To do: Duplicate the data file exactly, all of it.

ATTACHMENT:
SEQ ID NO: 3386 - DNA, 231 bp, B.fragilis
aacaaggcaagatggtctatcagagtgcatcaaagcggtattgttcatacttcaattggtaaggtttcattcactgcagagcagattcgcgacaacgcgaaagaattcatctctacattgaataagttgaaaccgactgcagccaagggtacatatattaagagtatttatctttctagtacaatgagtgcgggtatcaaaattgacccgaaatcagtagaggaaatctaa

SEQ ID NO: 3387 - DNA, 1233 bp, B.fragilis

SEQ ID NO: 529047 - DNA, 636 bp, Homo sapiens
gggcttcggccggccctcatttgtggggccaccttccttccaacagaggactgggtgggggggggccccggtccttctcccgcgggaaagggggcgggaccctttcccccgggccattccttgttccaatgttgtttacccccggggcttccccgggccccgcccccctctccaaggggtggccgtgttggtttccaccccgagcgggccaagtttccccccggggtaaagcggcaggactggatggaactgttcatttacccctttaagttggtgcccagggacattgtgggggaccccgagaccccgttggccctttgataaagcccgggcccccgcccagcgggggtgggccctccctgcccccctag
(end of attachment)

SEQ ID NO: 3386 - DNA, 231 bp, B.fragilis
aacaaggcaagatggtctatcagagtgcatcaaagcggtattgttcatacttcaattggtaaggtttcattcactgcagagcagattcgcgacaacgcgaaagaattcatctctacattgaataagttgaaaccgactgcagccaagggtacatatattaagagtatttatctttctagtacaatgagtgcgggtatcaaaattgacccgaaatcagtagaggaaatctaa

SEQ ID NO: 3387 - DNA, 1233 bp, B.fragilis

SEQ ID NO: 529047 - DNA, 636 bp, Homo sapiens
gggcttcggccggccctcatttgtggggccaccttccttccaacagaggactgggtgggggggggccccggtccttctcccgcgggaaagggggcgggaccctttcccccgggccattccttgttccaatgttgtttacccccggggcttccccgggccccgcccccctctccaaggggtggccgtgttggtttccaccccgagcgggccaagtttccccccggggtaaagcggcaggactggatggaactgttcatttacccctttaagttggtgcccagggacattgtgggggaccccgagaccccgttggccctttgataaagcccgggcccccgcccagcgggggtgggccctccctgcccccctag